So what? The TEG means you can charge your smartphone or GPS device, for example, when you are off-grid. That’s a handy solution for when you are out and about on your holidays and need to both brew up and charge your device. Being able to charge your devices with it means you either don’t need to use your solar charger, or to you don’t need one at all.

You connect your device to charge via a USB cable (provided), and you can pre-charge the Tegstove’s battery from the mains too.

Just when you charge your device is a question which struck us. You would probably want to keep your smartphone away from the stove while you are cooking to avoid spilling hot liquids onto it, and yourself.

Once you have finished cooking, you hear a whirring sound, which is the TEG working. This is probably a good time to do your charging. It takes about 20 minutes for the stove to cool down before you can safely pack it away in its travel bag.

The battery has a series of LED lights on it which show you if it is charging.

When would you use a Tegstove?

For a caravanner, the Tegstove would be ideal as an extra stove for using outside or in your awning if, for example, you need some extra cooking power when you are barbecuing. Or, you are away from the campsite during the day and want to make cup of tea or a hot lunch.

For a camper, the stove is fine for a couple, but families need more ‘fire power’, so to speak, and you would need two of them. And, given the price (SRP £125), that’s probably out of most people’s reach.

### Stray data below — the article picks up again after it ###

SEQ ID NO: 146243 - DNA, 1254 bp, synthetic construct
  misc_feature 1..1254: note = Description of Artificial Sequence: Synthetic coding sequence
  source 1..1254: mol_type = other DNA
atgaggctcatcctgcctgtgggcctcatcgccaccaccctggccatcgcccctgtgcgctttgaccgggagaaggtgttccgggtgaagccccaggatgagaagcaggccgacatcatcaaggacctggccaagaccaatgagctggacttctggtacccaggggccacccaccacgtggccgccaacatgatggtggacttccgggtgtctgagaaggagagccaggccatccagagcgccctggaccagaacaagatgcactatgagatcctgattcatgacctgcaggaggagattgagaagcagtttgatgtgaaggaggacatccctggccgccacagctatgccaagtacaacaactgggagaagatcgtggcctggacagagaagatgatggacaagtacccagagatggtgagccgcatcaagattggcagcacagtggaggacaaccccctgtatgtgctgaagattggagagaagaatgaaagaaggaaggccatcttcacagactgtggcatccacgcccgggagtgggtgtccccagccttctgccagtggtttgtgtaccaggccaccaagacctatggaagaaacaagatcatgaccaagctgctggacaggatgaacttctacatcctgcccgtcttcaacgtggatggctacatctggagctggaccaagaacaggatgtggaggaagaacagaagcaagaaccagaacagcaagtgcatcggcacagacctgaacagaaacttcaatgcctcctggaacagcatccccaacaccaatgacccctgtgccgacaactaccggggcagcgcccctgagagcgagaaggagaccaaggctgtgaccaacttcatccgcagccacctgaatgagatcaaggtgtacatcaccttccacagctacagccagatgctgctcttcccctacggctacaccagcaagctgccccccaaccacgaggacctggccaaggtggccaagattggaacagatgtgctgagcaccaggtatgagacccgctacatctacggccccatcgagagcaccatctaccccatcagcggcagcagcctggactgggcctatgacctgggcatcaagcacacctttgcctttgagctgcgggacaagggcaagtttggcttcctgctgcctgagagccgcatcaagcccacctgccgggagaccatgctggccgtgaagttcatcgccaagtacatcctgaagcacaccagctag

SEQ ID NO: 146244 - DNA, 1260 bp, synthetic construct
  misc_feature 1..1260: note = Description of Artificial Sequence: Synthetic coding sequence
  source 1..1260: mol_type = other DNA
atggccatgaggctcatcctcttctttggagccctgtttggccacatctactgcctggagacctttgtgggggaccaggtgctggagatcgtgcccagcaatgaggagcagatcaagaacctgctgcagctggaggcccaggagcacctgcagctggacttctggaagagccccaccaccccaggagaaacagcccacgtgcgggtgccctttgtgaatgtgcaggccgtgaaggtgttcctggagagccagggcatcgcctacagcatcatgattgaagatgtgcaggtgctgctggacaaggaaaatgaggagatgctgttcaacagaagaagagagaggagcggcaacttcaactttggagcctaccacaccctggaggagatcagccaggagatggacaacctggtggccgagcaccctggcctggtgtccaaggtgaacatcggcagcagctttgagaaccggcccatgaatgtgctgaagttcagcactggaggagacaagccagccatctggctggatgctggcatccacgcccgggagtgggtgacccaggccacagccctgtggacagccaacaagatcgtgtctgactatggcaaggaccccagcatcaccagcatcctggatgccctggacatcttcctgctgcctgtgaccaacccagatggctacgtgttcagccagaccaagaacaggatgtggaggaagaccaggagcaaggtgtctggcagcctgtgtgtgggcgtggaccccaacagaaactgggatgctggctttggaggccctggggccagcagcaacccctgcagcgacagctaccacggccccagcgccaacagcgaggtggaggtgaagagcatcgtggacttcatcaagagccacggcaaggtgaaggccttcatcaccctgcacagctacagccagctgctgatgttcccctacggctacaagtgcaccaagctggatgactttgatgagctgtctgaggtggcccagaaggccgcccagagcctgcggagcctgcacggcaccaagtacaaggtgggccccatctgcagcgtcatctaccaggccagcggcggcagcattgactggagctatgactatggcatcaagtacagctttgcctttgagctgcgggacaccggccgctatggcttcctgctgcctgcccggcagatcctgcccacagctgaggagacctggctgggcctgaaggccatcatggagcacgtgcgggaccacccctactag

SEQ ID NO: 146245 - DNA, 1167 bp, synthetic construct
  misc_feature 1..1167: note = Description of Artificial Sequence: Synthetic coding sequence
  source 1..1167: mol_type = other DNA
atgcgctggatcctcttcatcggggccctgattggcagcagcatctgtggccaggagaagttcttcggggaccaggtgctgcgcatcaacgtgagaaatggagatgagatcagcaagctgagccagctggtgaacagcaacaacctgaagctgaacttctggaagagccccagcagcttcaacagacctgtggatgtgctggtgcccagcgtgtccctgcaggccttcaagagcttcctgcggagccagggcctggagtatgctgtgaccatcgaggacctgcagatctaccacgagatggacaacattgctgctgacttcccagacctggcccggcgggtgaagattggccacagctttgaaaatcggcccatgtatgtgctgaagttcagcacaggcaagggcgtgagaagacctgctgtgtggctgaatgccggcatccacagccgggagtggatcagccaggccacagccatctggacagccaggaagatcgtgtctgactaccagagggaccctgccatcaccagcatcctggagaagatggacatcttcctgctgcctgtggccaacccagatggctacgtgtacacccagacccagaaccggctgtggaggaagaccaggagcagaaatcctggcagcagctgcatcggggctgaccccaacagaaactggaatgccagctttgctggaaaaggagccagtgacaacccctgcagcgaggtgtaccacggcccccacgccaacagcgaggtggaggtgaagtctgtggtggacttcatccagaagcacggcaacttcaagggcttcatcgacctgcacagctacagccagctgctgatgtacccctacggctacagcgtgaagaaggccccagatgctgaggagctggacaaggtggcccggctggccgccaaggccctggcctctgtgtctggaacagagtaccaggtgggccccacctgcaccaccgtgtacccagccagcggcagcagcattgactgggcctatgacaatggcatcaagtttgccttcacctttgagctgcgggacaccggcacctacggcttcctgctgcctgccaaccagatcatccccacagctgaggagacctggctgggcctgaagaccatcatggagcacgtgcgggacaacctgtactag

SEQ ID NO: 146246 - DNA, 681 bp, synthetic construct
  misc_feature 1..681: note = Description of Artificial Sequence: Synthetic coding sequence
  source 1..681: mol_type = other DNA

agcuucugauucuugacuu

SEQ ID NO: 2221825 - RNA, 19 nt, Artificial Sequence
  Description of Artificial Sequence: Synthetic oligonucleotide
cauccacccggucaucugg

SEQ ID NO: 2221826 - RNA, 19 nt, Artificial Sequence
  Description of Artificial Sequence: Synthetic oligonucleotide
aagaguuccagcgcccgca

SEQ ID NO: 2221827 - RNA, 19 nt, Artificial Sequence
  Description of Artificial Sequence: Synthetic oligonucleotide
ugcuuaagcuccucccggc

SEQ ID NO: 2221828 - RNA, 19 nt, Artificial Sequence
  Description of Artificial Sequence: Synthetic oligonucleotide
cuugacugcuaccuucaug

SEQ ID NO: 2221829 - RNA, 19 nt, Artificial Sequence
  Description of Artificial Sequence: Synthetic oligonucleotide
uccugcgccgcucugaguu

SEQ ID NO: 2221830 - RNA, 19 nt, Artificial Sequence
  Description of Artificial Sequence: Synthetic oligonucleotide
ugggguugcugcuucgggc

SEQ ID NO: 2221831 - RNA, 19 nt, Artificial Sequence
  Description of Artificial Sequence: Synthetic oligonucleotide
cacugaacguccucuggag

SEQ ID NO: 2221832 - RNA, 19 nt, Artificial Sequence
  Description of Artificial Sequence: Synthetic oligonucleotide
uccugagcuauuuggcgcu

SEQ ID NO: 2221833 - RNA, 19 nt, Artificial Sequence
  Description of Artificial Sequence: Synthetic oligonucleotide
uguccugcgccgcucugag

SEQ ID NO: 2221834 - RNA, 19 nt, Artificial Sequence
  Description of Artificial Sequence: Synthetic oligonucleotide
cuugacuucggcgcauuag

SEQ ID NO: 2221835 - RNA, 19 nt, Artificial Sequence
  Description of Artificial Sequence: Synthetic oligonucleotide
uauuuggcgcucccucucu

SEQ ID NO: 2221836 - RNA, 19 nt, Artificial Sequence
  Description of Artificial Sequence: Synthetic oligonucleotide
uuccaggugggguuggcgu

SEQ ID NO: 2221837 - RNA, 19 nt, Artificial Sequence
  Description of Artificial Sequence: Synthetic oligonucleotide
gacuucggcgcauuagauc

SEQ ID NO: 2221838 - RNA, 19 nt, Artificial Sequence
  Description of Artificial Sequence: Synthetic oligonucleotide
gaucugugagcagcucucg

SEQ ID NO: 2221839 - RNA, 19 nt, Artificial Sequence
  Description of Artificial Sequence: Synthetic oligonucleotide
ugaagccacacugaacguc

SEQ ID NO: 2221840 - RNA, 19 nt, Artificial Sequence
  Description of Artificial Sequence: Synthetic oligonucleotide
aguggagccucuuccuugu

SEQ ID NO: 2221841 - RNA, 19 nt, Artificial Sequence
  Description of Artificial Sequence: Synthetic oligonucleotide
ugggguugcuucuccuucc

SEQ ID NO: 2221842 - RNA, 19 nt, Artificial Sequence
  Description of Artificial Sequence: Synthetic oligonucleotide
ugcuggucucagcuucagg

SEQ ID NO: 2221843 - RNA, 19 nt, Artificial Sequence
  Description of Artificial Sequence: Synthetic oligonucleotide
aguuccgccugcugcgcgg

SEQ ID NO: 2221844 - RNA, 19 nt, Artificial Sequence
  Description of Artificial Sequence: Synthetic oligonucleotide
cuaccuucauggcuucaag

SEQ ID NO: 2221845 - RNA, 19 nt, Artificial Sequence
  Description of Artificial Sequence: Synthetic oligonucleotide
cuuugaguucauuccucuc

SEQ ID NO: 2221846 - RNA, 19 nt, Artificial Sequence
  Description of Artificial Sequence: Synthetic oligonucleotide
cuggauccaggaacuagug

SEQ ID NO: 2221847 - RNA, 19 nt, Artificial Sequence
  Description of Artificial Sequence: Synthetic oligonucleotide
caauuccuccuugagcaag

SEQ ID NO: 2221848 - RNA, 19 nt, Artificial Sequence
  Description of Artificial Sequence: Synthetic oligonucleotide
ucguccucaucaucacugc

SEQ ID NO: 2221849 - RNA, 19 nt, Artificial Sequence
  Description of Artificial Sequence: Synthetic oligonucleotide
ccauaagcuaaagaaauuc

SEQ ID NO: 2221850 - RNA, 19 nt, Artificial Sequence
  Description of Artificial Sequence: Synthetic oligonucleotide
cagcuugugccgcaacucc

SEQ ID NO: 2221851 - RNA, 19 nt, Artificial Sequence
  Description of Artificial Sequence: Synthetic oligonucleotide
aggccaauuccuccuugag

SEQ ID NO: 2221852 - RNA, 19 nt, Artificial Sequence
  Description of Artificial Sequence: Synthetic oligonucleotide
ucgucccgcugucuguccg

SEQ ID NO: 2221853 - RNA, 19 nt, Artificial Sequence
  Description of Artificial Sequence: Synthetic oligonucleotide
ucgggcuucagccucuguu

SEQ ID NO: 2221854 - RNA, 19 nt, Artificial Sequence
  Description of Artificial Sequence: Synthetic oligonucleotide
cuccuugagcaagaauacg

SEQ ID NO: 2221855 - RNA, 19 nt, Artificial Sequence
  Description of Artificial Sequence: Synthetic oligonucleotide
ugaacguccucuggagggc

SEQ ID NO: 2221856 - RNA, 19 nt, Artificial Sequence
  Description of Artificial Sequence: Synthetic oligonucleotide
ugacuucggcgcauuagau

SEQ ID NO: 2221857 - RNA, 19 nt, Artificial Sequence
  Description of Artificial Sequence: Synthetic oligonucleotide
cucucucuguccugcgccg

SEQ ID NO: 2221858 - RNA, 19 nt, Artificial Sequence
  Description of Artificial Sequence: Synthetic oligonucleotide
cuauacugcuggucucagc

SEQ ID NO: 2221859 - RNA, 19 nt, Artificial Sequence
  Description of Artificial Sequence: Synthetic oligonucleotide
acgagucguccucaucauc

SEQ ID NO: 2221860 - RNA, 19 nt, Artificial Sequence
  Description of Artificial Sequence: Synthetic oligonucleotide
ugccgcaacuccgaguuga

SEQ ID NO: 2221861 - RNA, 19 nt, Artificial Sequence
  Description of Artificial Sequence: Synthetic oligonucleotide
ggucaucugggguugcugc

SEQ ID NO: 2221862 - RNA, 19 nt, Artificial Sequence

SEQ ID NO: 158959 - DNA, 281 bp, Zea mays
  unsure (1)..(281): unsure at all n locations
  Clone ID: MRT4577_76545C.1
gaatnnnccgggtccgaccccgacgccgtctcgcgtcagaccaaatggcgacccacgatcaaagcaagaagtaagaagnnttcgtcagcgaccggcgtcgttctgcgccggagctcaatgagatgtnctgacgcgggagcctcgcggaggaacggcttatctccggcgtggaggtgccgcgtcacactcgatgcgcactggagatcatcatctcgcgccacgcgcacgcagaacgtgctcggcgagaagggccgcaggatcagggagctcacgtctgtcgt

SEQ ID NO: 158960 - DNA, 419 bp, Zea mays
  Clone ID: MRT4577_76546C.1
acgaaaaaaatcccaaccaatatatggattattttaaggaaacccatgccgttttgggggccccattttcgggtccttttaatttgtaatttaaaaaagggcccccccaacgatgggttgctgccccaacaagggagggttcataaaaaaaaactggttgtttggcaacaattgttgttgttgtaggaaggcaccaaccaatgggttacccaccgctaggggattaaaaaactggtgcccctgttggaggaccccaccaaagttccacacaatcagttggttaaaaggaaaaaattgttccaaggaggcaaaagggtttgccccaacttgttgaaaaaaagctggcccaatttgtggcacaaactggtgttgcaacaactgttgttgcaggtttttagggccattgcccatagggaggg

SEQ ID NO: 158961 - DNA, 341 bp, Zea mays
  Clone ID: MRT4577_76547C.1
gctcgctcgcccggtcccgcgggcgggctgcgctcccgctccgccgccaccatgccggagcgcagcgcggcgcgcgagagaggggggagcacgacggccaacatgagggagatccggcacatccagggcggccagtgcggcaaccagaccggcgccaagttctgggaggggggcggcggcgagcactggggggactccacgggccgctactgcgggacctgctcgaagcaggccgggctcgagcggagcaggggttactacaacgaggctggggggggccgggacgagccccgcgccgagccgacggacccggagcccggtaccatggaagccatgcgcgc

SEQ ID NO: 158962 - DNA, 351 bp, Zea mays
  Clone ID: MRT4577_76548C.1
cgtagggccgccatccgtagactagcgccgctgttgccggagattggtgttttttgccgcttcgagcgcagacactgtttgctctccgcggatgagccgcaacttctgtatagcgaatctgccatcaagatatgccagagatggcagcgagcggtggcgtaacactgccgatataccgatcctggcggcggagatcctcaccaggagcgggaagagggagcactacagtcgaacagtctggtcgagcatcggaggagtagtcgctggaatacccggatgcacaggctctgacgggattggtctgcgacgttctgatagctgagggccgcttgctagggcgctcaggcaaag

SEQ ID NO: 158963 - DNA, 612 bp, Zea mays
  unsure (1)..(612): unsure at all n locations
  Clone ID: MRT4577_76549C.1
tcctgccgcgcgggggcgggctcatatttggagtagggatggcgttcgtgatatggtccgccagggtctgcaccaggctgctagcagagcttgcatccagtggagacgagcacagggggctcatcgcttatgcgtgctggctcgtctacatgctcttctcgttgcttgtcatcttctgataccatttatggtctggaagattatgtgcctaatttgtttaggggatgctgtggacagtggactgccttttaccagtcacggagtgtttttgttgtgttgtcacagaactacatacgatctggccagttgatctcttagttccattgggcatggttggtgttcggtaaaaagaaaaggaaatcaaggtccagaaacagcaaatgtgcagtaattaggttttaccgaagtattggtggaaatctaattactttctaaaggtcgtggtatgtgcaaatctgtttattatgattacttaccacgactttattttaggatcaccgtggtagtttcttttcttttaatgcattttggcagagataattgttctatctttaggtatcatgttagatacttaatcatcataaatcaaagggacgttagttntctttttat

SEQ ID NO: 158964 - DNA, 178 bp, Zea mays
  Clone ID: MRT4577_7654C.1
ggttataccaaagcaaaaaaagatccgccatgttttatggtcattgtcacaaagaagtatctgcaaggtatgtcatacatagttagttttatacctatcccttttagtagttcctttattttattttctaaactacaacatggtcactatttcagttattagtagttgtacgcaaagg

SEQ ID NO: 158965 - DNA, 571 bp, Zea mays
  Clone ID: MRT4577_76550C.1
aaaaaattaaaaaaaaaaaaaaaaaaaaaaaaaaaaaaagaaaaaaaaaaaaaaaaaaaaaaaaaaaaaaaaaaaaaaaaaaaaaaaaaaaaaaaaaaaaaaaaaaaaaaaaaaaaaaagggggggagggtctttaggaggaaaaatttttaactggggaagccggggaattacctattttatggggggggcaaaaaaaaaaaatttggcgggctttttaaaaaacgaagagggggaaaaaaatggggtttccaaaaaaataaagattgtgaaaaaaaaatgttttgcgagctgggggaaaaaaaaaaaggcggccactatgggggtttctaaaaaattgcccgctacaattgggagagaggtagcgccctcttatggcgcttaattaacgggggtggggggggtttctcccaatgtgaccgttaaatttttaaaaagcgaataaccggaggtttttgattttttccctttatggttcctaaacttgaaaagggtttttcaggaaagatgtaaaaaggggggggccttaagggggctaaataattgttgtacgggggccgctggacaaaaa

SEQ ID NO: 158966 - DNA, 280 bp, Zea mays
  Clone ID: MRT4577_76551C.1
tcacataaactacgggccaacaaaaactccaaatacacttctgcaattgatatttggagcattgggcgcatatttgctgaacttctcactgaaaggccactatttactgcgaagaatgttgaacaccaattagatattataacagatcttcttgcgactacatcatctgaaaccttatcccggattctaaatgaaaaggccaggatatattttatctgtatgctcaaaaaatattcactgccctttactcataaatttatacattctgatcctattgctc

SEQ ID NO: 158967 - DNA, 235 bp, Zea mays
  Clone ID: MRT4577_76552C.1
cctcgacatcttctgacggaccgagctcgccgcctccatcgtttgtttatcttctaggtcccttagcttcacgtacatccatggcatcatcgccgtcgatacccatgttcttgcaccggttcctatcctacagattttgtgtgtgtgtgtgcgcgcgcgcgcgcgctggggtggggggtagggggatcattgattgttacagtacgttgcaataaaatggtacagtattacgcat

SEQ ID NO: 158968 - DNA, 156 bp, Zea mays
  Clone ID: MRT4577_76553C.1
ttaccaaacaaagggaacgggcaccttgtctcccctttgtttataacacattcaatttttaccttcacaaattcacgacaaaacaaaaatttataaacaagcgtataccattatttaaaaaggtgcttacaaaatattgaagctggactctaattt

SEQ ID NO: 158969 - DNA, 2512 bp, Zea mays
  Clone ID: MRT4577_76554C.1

For walkers, the Tegstove is bulky and heavy too, so you might not want to carry it with you to brew up on your walk. You also need a spare gas cartridge or two if you are hiking, which adds to the weight.

The other challenge with the stove is its height. Being so tall exposes the flame to any breeze, which increases the amount of cooking time you need. You would need a tall windbreak to overcome that problem.


The Tegstove is a cleverly engineered camping stove with many good, novel features. Being able to charge your smartphone or devices from it is useful, and it makes good use of the energy you use when cooking.

It’s too bulky to appeal to hikers, and probably won’t appeal to family campers who need two burners or more. For caravanners, the Tegstove is probably a luxury they could do without.

But, this stove will probably appeal to outdoor enthusiasts who base themselves in one place for a long time, who need their devices to hand but they are off-grid.

For example, anglers who don’t mind its weight and bulk, but who are off-grid by a lake or pond, need to cook and to keep their smartphone charged will love it. It might appeal to people who don’t need to carry their gear on their backs for a long time, like bikers or canoeists.

Expect to pay £125

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11/07/2017 Share this story   Share on Facebook icon Share on Twitter icon Share on Pinterest icon Share on Google Plus icon Share on Linked In icon Share via Email icon